Harry was a character but most people believe that this idea came from a circus or carny show and Harry merely reapplied it. This makes sense to me as I remember years ago being duped at an exhibition. I paid to see a “6 Foot Man Eating Chicken” and that is what I got. There was a male human-being sitting on a chair eating a bucket of KFC.
A controversial archaeological mystery, 13 crystal heads have been found in regions around the world, from the American southwest to Tibet. They’re dated between 5,000 and 35,000 years old, and were supposedly polished into shape from solid quartz chunks over a period of several hundred years. Although according to Hewlett Packard engineers, they bear no tool marks to tell us exactly how they were made.
The heads are thought to offer spiritual power and enlightenment to those who possess them, and as such stand not as symbols of death, but of life.
Founders, Dan Aykroyd (yes that Dan Aykroyd) and John Alexander wanted the opportunity to get closer to the myth of the 13 crystal heads. After more than two years in development, their moment finally arrived. When their glass depiction of a head was complete, Milan-based manufacturer Bruni Glass declared it to be a bottle of unsurpassed complexity and quality.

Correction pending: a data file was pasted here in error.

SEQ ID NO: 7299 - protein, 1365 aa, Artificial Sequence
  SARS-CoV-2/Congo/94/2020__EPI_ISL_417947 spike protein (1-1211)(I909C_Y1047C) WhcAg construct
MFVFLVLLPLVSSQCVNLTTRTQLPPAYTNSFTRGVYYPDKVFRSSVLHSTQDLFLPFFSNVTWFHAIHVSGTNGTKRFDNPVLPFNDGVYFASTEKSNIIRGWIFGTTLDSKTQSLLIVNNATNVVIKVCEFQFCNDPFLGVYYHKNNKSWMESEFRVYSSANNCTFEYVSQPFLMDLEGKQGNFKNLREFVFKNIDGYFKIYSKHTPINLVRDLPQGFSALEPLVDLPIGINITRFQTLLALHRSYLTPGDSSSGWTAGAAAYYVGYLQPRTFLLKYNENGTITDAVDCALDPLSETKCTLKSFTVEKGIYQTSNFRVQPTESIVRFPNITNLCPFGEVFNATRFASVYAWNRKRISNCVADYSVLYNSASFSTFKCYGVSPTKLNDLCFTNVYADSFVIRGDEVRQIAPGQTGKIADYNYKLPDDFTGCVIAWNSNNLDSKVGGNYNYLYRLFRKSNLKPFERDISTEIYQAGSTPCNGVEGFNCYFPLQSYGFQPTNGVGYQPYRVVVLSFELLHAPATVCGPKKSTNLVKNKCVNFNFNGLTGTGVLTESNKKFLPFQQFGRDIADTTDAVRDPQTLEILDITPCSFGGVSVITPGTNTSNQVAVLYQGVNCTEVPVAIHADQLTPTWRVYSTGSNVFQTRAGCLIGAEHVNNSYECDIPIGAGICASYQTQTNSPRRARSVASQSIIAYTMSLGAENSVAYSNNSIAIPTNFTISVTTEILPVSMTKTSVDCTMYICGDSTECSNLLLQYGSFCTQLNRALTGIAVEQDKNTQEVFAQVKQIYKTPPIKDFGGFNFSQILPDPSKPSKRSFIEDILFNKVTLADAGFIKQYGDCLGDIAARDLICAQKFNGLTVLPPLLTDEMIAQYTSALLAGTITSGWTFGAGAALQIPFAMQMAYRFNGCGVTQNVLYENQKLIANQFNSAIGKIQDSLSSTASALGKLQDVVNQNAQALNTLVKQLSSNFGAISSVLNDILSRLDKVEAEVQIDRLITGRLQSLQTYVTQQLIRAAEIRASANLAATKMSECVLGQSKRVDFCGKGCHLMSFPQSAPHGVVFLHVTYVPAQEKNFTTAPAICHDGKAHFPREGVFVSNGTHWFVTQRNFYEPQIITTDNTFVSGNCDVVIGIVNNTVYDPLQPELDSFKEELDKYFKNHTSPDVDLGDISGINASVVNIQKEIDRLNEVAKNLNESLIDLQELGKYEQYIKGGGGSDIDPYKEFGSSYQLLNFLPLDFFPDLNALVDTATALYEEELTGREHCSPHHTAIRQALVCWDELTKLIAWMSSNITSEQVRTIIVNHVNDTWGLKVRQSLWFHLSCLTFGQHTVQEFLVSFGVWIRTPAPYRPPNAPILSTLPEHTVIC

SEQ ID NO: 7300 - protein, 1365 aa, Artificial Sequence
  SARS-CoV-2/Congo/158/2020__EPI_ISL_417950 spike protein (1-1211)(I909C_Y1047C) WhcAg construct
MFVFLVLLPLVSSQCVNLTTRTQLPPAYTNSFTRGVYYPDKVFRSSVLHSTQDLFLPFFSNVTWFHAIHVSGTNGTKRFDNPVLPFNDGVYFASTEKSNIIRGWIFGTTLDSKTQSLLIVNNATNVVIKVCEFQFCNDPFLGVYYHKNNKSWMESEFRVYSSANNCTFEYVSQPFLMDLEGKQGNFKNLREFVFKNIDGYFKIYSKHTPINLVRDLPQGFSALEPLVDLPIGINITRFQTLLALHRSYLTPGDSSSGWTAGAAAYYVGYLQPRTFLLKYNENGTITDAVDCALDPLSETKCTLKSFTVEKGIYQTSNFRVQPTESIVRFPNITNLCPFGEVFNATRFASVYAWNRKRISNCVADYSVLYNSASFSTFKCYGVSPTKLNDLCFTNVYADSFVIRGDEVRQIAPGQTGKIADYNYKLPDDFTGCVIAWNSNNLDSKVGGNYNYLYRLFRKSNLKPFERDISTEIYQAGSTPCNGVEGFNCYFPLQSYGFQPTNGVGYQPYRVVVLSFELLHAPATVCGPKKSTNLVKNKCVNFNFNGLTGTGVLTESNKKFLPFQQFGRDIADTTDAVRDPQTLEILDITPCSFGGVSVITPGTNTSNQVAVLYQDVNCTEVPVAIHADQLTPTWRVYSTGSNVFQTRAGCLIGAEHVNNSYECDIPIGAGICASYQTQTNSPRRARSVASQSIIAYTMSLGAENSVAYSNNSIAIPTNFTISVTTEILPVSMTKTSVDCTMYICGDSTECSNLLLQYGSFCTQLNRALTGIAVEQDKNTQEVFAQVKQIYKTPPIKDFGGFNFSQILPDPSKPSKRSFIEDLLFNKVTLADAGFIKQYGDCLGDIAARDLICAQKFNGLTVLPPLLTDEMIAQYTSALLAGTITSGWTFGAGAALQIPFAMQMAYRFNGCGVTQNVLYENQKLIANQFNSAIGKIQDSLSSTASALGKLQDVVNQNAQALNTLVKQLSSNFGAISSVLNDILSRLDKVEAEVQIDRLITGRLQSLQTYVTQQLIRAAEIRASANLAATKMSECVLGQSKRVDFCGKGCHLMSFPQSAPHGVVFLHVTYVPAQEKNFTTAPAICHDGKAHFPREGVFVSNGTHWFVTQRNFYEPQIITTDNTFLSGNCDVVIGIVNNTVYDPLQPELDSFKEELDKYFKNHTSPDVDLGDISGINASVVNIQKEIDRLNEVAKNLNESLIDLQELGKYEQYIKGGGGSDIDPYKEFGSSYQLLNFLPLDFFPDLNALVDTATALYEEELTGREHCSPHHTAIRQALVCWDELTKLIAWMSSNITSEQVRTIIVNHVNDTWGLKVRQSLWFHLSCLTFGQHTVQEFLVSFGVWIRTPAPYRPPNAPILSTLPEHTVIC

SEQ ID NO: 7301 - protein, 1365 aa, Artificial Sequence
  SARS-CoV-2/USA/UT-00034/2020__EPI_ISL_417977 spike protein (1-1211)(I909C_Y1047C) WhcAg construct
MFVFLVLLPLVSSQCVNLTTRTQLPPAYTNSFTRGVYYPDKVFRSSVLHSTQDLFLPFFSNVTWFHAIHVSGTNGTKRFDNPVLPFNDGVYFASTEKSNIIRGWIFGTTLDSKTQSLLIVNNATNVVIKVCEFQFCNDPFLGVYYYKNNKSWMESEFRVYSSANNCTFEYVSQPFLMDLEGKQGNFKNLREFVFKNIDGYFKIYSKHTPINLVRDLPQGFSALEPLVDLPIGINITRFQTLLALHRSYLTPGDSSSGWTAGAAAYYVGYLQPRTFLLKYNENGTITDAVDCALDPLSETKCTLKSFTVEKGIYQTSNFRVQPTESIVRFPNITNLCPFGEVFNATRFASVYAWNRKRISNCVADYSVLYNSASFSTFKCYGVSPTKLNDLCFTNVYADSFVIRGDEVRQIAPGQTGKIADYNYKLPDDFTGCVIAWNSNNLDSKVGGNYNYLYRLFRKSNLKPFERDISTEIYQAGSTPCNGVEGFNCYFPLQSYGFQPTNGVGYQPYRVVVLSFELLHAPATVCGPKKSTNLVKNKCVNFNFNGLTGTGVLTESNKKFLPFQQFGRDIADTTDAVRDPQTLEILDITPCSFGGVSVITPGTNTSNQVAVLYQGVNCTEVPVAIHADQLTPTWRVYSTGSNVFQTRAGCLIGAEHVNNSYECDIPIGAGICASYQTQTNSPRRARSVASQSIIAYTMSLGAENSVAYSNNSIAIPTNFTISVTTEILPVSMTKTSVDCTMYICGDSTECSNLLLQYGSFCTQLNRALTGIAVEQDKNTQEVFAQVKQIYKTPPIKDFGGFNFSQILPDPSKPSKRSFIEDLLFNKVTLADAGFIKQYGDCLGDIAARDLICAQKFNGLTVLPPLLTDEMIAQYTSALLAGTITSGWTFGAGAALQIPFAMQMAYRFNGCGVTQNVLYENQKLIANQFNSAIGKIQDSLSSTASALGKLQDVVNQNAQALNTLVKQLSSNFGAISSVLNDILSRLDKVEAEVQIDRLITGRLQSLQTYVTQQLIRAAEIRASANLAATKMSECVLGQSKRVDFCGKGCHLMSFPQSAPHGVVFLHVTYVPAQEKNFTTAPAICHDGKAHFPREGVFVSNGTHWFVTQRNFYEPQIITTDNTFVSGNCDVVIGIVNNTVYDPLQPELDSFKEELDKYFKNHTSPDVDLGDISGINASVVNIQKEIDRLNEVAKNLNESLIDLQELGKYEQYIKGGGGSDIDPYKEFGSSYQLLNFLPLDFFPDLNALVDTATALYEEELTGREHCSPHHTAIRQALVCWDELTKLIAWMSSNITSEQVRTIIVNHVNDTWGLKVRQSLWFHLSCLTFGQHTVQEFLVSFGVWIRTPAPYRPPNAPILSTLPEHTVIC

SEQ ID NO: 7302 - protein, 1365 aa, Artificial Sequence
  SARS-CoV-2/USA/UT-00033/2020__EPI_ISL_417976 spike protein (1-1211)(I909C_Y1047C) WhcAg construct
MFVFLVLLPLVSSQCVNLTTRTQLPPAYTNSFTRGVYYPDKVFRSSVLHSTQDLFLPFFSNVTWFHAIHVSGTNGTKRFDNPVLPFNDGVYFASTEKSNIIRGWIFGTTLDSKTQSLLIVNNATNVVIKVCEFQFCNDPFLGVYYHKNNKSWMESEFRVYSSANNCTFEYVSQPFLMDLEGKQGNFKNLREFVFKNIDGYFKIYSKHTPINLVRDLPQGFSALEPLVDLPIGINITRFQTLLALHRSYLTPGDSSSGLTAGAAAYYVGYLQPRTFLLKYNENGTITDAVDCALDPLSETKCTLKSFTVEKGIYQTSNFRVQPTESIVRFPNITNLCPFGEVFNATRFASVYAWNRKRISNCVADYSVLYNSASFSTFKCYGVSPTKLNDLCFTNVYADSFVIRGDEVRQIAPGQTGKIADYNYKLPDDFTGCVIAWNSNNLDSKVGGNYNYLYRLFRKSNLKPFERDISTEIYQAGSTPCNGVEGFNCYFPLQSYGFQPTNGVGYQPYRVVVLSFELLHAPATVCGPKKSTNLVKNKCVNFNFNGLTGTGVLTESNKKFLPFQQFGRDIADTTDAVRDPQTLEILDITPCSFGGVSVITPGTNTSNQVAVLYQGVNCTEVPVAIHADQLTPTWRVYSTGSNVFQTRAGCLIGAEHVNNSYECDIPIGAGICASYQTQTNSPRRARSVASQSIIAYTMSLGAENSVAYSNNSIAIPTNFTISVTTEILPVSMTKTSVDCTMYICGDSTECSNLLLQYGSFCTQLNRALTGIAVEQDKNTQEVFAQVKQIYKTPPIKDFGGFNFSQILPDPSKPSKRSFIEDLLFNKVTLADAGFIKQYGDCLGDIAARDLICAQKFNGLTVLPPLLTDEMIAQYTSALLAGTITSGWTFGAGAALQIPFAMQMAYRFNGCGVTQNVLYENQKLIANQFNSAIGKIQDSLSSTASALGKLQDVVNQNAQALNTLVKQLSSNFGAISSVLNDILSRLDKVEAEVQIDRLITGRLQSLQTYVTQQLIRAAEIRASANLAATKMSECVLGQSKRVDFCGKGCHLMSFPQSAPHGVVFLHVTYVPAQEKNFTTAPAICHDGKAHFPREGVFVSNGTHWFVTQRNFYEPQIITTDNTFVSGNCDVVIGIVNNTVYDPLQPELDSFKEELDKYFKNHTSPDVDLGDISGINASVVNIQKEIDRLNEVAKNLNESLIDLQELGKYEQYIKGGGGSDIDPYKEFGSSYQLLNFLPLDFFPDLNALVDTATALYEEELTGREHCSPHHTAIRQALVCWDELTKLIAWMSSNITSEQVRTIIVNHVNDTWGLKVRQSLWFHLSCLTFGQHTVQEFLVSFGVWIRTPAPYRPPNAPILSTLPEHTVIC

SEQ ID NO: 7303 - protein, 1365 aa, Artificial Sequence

The bottle has become a sensation with people displaying and using it in creative ways.
(with content from the company’s website)
RIM, Reinvention & Canadian Pride
Jeff Swystun joined the national CBC Radio program, The Current with host Anna Maria Tremonte and fellow guest Tamsin McMahon, an Associate Editor at Macleans Magazine to discuss the Blackberry Brand.
Hear the interview and checkout all the coverage here: (http://www.cbc.ca/thecurrent/episode/2013/01/30/rim-reinvention-canadian-pride/)
Jeff thanks the CBC, Anna Maria, Idella, Vanessa, Jessica, and Tamsin for the great experience. And best of luck to Blackberry in what will be one of the more fascinating business and brand stories of the year.
Every ten or fifteen years, advertising gets a disease called entertainment. It’s very bad, because the people who do it have absolutely no interest in selling anything. They do not think of themselves as salesmen. They think of themselves as entertainers and geniuses.
—David Ogilvy in Forbes interview, 1988. I believe the cycle he identifies is always present now (especially around the SuperBowl). It is time to bring back that sales mentality and balance it with meaningful creativity not vacuous water cooler buzz which seems to be the goal of most advertising.